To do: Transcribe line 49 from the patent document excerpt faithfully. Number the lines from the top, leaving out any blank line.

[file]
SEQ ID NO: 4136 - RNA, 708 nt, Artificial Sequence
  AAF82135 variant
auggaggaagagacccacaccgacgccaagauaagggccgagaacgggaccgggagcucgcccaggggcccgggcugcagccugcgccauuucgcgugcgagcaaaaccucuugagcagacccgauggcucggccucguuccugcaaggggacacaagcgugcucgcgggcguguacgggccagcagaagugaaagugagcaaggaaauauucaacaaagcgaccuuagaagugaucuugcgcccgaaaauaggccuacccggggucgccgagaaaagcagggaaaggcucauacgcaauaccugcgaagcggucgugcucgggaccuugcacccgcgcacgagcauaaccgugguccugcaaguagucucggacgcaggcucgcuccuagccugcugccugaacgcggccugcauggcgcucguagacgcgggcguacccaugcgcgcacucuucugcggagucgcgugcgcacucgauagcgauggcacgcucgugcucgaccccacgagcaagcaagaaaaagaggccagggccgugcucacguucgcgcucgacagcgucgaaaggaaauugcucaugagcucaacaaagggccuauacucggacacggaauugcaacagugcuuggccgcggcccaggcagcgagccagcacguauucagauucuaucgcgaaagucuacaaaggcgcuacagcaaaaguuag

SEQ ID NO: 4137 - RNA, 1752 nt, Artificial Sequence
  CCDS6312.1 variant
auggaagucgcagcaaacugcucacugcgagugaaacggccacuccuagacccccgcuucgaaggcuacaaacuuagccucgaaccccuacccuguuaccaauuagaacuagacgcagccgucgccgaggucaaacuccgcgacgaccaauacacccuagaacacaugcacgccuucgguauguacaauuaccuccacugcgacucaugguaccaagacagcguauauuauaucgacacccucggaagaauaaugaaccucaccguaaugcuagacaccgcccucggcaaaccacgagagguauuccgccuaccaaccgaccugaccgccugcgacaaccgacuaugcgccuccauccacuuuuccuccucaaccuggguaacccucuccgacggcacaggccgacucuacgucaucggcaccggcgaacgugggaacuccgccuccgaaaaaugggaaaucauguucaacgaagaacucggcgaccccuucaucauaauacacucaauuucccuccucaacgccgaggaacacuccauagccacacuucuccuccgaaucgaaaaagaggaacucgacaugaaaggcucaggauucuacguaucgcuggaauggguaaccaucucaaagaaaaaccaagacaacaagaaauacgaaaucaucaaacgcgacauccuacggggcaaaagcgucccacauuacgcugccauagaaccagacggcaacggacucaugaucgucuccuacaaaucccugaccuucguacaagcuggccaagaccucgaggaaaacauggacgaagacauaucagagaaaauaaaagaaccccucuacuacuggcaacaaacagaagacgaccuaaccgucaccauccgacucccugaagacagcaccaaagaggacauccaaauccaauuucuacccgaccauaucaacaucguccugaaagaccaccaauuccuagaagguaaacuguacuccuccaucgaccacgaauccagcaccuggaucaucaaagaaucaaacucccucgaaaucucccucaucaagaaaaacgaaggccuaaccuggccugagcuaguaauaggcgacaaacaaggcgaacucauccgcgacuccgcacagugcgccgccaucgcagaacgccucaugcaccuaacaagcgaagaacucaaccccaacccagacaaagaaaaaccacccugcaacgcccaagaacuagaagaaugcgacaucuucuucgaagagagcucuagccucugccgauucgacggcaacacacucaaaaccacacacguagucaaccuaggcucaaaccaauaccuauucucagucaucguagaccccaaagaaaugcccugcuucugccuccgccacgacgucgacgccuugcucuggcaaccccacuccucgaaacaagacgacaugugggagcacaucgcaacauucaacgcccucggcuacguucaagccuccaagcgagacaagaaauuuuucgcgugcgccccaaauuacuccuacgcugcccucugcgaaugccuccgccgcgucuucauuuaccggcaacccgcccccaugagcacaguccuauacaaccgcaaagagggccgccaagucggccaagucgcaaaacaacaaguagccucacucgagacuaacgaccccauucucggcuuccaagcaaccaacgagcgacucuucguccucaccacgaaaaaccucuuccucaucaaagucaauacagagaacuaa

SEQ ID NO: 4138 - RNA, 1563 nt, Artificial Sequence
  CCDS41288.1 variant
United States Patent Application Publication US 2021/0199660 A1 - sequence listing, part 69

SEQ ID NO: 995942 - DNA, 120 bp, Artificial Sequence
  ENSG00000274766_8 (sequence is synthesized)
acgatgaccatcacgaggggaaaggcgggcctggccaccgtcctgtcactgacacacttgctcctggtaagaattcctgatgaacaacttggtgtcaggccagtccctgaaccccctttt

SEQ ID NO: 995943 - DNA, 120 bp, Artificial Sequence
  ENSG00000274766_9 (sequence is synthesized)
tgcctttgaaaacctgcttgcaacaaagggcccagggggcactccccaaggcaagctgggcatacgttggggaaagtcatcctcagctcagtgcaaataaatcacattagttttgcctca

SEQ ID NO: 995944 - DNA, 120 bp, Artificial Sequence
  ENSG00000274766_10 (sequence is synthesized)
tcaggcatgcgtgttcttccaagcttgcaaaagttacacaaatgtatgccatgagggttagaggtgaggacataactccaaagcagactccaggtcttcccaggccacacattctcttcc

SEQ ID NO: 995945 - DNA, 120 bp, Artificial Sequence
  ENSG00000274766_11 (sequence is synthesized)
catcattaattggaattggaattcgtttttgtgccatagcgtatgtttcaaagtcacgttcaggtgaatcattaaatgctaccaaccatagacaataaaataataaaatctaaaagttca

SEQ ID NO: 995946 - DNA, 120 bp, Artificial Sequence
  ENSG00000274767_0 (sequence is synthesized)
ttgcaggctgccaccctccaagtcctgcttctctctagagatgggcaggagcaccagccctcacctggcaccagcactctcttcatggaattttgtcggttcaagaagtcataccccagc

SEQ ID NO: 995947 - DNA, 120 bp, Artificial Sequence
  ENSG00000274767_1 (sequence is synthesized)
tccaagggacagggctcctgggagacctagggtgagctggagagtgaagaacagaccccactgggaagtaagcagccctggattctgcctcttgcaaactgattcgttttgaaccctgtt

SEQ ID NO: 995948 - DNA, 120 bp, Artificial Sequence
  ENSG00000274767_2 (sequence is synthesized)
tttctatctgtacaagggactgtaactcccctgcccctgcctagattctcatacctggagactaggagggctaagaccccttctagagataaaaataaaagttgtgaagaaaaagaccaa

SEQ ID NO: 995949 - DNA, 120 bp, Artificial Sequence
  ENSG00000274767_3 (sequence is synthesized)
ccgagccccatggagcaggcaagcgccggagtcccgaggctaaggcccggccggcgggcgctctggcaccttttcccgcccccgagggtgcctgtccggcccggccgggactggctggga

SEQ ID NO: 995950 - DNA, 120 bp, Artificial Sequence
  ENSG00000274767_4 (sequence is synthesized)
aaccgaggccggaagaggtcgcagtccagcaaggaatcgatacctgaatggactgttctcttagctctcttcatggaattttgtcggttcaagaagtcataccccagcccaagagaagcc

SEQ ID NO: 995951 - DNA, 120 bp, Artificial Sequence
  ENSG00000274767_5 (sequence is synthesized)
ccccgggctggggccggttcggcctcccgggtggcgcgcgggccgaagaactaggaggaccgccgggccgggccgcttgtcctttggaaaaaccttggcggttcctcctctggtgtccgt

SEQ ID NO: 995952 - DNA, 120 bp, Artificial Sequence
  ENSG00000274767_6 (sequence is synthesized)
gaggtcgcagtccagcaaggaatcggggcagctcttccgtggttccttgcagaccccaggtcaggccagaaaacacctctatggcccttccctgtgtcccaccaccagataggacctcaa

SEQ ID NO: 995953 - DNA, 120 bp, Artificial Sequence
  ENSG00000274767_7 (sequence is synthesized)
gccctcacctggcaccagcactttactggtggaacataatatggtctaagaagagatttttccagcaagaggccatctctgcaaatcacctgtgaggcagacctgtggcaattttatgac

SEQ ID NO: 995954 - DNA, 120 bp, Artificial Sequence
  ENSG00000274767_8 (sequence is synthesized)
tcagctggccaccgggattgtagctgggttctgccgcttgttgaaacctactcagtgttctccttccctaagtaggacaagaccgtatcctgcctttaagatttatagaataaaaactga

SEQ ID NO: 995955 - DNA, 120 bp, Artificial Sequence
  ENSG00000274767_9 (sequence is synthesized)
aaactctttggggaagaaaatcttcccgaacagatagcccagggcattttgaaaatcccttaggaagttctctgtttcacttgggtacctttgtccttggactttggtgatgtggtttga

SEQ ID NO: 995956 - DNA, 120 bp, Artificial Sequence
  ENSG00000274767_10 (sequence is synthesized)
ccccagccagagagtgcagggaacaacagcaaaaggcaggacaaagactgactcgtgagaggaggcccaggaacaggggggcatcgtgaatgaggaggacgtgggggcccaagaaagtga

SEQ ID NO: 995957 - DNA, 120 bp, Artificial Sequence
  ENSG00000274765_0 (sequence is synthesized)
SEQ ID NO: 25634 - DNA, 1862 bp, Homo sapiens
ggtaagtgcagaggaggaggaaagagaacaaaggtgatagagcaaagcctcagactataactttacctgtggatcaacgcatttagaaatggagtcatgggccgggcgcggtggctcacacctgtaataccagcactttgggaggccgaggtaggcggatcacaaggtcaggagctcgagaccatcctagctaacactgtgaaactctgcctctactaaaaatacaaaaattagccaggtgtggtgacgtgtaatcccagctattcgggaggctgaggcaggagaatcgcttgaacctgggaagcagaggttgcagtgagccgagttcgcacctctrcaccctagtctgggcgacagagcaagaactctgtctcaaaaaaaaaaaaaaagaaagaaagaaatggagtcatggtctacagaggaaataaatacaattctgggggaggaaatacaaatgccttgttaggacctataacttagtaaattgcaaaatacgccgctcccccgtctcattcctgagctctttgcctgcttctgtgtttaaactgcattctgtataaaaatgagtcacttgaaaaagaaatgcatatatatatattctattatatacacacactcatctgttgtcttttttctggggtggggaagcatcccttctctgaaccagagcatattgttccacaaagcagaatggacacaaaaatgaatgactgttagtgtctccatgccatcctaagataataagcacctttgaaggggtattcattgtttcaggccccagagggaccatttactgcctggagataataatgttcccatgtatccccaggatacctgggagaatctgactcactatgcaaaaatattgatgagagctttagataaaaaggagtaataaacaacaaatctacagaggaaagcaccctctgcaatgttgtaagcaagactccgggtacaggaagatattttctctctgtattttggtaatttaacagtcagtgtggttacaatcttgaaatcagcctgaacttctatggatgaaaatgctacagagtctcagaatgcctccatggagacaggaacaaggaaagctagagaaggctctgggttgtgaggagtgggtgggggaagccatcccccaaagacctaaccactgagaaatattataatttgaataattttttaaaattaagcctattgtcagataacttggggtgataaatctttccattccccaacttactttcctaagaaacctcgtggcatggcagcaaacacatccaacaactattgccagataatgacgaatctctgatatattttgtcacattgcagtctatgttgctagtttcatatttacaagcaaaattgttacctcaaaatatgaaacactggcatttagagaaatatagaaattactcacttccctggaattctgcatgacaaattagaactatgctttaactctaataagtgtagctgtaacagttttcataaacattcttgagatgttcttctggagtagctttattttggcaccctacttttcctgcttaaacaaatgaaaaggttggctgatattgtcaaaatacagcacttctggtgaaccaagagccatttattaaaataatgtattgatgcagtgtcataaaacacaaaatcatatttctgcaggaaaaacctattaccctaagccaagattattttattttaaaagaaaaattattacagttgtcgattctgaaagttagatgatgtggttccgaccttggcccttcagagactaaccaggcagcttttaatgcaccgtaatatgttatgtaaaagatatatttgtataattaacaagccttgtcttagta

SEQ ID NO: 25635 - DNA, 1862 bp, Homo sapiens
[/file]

SEQ ID NO: 995955 - DNA, 120 bp, Artificial Sequence